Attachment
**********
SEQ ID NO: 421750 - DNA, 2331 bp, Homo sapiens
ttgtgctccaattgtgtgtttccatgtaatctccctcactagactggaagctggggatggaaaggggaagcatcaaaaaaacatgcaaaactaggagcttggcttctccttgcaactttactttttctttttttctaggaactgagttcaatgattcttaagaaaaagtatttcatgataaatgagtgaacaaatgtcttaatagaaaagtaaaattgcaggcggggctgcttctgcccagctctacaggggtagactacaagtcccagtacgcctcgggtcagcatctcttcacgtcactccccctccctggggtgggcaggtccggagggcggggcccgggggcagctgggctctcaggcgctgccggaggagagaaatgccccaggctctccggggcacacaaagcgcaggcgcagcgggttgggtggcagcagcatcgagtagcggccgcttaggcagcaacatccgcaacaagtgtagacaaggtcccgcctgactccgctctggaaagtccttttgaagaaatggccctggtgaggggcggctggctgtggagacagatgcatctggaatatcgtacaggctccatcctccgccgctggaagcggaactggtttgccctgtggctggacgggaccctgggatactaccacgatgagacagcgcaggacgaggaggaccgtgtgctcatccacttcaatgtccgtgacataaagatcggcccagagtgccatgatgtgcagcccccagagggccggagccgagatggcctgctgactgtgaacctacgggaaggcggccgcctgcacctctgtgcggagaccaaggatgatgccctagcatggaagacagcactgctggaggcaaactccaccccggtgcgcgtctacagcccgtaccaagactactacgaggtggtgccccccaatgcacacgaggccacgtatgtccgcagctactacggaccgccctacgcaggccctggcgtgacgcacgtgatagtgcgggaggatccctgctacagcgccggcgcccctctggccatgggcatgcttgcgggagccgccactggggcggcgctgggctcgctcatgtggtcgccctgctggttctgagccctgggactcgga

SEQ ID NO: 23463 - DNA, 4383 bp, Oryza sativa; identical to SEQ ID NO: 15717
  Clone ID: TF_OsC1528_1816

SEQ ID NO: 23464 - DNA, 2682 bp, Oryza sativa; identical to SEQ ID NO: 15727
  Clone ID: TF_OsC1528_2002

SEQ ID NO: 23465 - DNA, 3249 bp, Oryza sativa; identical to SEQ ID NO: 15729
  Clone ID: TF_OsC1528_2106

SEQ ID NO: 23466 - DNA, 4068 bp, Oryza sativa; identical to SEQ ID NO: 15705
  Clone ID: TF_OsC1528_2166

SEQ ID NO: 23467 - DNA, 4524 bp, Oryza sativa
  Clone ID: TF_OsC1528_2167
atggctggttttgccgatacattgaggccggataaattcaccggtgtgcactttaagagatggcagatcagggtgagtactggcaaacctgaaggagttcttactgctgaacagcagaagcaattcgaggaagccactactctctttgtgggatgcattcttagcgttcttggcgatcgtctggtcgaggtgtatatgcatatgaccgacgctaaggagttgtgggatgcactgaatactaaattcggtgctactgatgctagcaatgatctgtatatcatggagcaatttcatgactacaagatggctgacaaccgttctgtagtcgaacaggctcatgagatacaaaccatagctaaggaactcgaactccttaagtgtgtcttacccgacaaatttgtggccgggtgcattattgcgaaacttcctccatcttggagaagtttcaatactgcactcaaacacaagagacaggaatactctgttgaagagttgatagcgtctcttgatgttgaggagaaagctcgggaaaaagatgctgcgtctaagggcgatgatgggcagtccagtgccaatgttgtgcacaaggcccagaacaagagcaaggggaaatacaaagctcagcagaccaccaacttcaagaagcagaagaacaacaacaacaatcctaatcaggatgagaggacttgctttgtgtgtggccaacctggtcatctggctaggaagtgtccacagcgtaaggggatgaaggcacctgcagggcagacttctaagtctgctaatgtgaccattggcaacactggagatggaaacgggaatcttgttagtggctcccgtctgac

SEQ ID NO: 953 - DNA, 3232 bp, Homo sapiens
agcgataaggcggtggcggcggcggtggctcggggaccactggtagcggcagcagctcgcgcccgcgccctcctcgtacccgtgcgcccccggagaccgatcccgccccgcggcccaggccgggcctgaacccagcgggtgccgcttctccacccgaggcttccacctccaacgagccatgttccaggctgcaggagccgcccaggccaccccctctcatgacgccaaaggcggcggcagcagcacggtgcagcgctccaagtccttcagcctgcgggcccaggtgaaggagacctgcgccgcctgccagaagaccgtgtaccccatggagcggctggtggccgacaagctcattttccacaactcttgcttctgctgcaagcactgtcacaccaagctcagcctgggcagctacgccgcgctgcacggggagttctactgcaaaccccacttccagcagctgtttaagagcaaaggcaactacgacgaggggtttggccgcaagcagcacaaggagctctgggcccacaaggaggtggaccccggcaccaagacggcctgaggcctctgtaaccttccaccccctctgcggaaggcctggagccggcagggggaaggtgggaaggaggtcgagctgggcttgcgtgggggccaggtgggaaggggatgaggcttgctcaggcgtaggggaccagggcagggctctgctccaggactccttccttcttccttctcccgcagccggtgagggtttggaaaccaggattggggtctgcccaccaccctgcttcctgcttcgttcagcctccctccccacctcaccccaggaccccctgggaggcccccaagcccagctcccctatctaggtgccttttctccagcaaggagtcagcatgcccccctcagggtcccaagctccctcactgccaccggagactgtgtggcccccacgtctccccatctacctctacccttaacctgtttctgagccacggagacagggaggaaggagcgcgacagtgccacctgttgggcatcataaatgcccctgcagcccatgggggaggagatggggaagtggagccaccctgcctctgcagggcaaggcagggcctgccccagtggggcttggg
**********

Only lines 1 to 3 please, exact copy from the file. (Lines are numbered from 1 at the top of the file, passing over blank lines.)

SEQ ID NO: 421750 - DNA, 2331 bp, Homo sapiens
ttgtgctccaattgtgtgtttccatgtaatctccctcactagactggaagctggggatggaaaggggaagcatcaaaaaaacatgcaaaactaggagcttggcttctccttgcaactttactttttctttttttctaggaactgagttcaatgattcttaagaaaaagtatttcatgataaatgagtgaacaaatgtcttaatagaaaagtaaaattgcaggcggggctgcttctgcccagctctacaggggtagactacaagtcccagtacgcctcgggtcagcatctcttcacgtcactccccctccctggggtgggcaggtccggagggcggggcccgggggcagctgggctctcaggcgctgccggaggagagaaatgccccaggctctccggggcacacaaagcgcaggcgcagcgggttgggtggcagcagcatcgagtagcggccgcttaggcagcaacatccgcaacaagtgtagacaaggtcccgcctgactccgctctggaaagtccttttgaagaaatggccctggtgaggggcggctggctgtggagacagatgcatctggaatatcgtacaggctccatcctccgccgctggaagcggaactggtttgccctgtggctggacgggaccctgggatactaccacgatgagacagcgcaggacgaggaggaccgtgtgctcatccacttcaatgtccgtgacataaagatcggcccagagtgccatgatgtgcagcccccagagggccggagccgagatggcctgctgactgtgaacctacgggaaggcggccgcctgcacctctgtgcggagaccaaggatgatgccctagcatggaagacagcactgctggaggcaaactccaccccggtgcgcgtctacagcccgtaccaagactactacgaggtggtgccccccaatgcacacgaggccacgtatgtccgcagctactacggaccgccctacgcaggccctggcgtgacgcacgtgatagtgcgggaggatccctgctacagcgccggcgcccctctggccatgggcatgcttgcgggagccgccactggggcggcgctgggctcgctcatgtggtcgccctgctggttctgagccctgggactcgga

SEQ ID NO: 23463 - DNA, 4383 bp, Oryza sativa; identical to SEQ ID NO: 15717